Q&A: National Crime Agency

The UK has launched a new National Crime Agency. What is it and what does it do?

What is the NCA?

The National Crime Agency is a new body that will be at the centre of the UK's efforts against organised crime and other major offending that cuts across regional and international borders.

The agency will be responsible for tackling major organised crime, such as drug and people trafficking, and complex international fraud, including cyber-crime.

The NCA has more than 4,000 officers and will work with each of the regional police forces in the UK and similar organisations abroad.

How is it different from the ordinary police?

Each police force in the UK has territorial responsibility for its particular area. Crimes that are carried out across more than one county or area usually involve officers from both areas. The NCA has a strategic role in which it will attempt to look at the bigger picture of organised crime in the UK, how it operates and how it can be disrupted.

Why do you need a separate agency?

The days of organised crime being about major bank robberies have long gone. Modern organised crime is complex and cuts across international borders. Gangs tend to be linked to other gangs - and they are often very flexible in how and where they commit their offences. Local police forces are designed to be focused at the local picture. The theory is that the National Crime Agency can bring together the intelligence from at home and abroad to understand the international nature of how all these groups work - and then find ways to stop them.

How big is organised crime?

The NCA says that there are some 37,000 people in 5,500 groups that are involved in organised crime that has an impact on the UK. Almost £9bn a year is lost to the country through organised fraud. Half of the gangs operating directly in the UK are involved in drugs.

Is this the first such agency in the UK?

No. The NCA is the third in 15 years. In 1998, the then-government merged six regional teams, run by local forces, into a single National Crime Squad based in London. In 2006 that was scrapped and replaced by the Serious Organised Crime Agency (Soca) which had an expanded role. The NCA is now replacing Soca.

How is the NCA different to Soca?

The NCA's role is larger than Soca's because it has more areas of responsibility. The new agency has four "commands": organised crime, economic crime, borders, and the formerly separate Ceop - the agency that covers child exploitation and online protection.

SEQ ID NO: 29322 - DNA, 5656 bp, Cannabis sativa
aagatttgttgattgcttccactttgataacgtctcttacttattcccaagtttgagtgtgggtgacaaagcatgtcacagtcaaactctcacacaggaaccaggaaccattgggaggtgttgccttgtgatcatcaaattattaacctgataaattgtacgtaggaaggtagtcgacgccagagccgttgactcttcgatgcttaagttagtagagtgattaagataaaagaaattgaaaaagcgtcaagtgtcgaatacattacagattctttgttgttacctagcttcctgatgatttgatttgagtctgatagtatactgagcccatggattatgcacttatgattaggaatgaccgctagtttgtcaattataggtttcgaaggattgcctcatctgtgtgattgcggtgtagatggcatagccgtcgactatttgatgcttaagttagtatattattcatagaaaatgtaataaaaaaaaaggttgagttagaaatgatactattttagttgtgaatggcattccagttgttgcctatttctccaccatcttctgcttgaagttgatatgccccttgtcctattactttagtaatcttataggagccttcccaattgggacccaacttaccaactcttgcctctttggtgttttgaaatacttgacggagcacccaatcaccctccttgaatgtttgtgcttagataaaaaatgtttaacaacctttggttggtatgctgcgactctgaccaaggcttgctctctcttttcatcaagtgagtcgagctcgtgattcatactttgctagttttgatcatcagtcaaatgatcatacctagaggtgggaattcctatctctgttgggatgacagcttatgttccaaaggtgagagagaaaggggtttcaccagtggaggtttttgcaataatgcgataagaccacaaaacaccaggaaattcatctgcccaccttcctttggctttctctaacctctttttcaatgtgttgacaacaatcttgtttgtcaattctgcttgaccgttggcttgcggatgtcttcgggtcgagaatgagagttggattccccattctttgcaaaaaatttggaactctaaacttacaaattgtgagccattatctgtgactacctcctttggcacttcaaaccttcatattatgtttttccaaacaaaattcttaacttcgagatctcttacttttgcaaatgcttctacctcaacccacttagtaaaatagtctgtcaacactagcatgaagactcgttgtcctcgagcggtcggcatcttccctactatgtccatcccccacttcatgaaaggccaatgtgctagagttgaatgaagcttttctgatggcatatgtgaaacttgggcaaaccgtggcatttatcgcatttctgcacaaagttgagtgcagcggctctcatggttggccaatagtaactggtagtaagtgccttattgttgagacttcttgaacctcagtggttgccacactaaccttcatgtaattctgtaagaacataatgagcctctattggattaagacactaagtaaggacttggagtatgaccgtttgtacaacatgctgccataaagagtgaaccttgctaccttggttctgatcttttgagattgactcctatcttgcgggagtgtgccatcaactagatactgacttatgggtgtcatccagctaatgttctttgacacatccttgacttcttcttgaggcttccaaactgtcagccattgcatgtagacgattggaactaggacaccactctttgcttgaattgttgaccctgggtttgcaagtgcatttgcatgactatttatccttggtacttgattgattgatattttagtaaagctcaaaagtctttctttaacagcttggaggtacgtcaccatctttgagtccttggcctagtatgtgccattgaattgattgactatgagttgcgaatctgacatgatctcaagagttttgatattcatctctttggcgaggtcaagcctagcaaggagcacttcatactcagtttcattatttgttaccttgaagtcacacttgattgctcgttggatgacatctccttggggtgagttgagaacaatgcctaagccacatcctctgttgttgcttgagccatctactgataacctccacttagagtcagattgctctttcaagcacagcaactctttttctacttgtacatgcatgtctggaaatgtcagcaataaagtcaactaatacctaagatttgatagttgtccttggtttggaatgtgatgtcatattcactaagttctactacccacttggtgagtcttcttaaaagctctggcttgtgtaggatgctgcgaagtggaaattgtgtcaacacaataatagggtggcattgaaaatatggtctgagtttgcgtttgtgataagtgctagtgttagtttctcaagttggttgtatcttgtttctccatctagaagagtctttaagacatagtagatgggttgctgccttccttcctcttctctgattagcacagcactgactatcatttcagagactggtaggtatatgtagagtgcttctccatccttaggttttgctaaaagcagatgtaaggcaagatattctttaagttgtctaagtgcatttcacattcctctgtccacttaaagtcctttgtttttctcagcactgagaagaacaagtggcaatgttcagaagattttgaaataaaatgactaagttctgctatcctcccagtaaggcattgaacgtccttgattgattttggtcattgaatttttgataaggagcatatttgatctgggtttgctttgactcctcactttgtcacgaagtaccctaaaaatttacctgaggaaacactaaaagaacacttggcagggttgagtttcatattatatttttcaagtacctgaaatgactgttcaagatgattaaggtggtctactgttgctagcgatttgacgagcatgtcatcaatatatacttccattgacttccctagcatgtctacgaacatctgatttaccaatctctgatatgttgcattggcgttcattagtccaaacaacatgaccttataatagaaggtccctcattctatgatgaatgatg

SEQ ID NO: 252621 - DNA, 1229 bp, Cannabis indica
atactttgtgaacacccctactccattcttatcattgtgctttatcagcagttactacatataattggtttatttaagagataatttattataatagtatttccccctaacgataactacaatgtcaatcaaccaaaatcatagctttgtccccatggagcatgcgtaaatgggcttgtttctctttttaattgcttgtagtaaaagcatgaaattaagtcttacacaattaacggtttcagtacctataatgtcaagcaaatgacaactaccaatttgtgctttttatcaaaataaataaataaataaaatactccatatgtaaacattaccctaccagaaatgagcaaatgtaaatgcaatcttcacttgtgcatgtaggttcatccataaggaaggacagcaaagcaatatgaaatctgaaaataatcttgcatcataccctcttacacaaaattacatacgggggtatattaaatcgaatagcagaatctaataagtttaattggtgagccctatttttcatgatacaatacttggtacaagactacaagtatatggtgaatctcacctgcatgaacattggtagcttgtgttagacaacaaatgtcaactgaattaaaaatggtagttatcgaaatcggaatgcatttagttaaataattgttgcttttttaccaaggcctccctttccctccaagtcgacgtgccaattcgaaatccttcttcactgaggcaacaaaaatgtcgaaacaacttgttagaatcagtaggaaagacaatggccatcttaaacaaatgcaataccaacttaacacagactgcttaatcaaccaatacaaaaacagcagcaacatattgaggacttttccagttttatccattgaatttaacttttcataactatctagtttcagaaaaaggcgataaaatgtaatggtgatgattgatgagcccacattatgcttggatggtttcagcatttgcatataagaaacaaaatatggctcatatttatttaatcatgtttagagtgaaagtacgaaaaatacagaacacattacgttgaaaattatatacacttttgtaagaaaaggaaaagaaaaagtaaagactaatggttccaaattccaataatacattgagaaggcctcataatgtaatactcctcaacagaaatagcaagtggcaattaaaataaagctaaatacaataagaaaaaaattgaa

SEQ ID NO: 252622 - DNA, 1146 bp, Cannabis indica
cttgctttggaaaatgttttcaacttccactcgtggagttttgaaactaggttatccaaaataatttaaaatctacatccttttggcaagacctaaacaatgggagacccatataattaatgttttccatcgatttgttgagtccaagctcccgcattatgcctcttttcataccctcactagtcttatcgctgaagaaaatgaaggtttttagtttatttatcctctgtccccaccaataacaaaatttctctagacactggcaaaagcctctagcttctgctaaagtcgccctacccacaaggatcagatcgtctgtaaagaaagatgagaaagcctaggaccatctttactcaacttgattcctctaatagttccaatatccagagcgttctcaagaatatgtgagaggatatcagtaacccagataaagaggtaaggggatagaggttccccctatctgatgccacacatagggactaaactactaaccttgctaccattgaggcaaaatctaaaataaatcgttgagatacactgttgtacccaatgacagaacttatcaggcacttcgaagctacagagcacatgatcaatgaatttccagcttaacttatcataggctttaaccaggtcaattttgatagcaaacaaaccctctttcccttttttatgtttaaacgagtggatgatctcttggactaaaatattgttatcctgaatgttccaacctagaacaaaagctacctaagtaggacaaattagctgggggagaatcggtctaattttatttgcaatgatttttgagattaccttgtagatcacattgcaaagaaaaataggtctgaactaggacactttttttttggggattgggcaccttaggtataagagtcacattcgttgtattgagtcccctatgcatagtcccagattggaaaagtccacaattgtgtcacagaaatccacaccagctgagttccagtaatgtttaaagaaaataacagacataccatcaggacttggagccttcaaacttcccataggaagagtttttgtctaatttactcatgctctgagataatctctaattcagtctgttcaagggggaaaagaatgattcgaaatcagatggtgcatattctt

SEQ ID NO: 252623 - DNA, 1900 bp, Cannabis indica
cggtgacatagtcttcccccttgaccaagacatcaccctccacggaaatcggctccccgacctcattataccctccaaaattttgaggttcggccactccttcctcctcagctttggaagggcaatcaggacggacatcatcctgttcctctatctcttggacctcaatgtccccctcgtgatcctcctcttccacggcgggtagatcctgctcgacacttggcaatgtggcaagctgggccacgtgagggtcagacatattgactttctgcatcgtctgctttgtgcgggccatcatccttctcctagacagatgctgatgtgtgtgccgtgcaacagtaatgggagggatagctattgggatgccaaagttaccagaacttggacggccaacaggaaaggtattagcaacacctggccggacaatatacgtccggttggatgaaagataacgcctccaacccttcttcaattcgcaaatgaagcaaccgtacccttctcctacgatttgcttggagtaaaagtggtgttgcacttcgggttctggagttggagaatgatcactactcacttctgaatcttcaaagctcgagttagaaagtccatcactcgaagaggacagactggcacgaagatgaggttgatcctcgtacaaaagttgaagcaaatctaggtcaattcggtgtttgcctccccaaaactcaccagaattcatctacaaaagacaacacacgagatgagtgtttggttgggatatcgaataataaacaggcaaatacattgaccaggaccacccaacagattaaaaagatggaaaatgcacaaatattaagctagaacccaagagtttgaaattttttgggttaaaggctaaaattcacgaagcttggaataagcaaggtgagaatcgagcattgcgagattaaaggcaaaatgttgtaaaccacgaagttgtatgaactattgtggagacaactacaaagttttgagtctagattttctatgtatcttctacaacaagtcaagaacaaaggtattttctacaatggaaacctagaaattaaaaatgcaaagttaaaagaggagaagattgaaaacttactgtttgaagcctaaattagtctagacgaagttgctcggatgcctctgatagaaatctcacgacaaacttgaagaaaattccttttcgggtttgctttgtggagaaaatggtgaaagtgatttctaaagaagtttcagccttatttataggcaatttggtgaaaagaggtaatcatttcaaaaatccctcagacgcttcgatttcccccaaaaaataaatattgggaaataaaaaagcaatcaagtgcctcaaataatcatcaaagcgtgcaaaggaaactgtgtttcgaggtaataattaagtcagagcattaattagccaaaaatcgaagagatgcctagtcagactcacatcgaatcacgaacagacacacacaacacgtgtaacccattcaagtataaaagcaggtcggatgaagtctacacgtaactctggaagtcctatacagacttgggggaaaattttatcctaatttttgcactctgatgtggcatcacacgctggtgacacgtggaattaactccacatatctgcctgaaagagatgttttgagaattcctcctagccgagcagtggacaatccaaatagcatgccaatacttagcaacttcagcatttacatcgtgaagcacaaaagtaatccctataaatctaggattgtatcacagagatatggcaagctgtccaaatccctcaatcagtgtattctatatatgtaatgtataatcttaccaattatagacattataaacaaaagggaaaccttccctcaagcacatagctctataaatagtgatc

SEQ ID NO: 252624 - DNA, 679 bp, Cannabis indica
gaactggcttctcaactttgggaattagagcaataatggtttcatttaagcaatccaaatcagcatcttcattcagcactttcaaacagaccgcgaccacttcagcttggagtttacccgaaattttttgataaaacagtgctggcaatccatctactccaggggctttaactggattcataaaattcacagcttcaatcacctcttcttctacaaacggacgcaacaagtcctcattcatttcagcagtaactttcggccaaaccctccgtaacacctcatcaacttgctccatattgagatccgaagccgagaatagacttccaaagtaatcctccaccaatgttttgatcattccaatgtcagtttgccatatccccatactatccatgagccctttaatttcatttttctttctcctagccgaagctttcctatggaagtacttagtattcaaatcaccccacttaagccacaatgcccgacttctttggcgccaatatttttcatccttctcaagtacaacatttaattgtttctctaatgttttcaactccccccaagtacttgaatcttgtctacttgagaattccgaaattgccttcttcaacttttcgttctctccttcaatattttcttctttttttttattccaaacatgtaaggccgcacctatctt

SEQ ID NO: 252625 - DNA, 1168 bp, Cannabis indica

Officers come from three backgrounds - policing, customs and immigration security - and they can have powers across all these areas.

The organisation has a director general, Keith Bristow, but he will to all intents and purposes have the powers of a chief constable. This is important for his relationship with other forces because the NCA can instruct police and other agencies to carry out specific tasks or operations - a power that Soca lacked.

The NCA has also taken on a range of functions from a different national agency that has been scrapped as part of the government's changes to policing. These include a specialist database relating to injuries and unusual weapons, expert research on potential serial killers, and the National Missing Persons Bureau.

But unlike some of its international counterparts such as the FBI, the NCA does not have responsibility for combating terrorism. That remains in Scotland Yard where the Metropolitan Police oversees a number of regional teams comprising police and MI5 officers.

How does the NCA relate to police in Scotland and Northern Ireland?

The NCA has the same powers in Scotland as it does in England and Wales. But in Northern Ireland this is extremely complicated.

Under the 1998 agreement that led to a political settlement and power-sharing in Northern Ireland, policing was subjected to a far higher degree of community oversight and monitoring than in other parts of the UK. The chief constable and officers are responsible to the Policing Board.

The NCA answers directly to the Home Secretary, meaning there can be no local oversight or control - and nationalist parties in the Northern Ireland Assembly said that it could operate as a parallel but unaccountable police force. So as things stand, the NCA will carry out its border and customs functions in Northern Ireland - but not its other crime-fighting roles.

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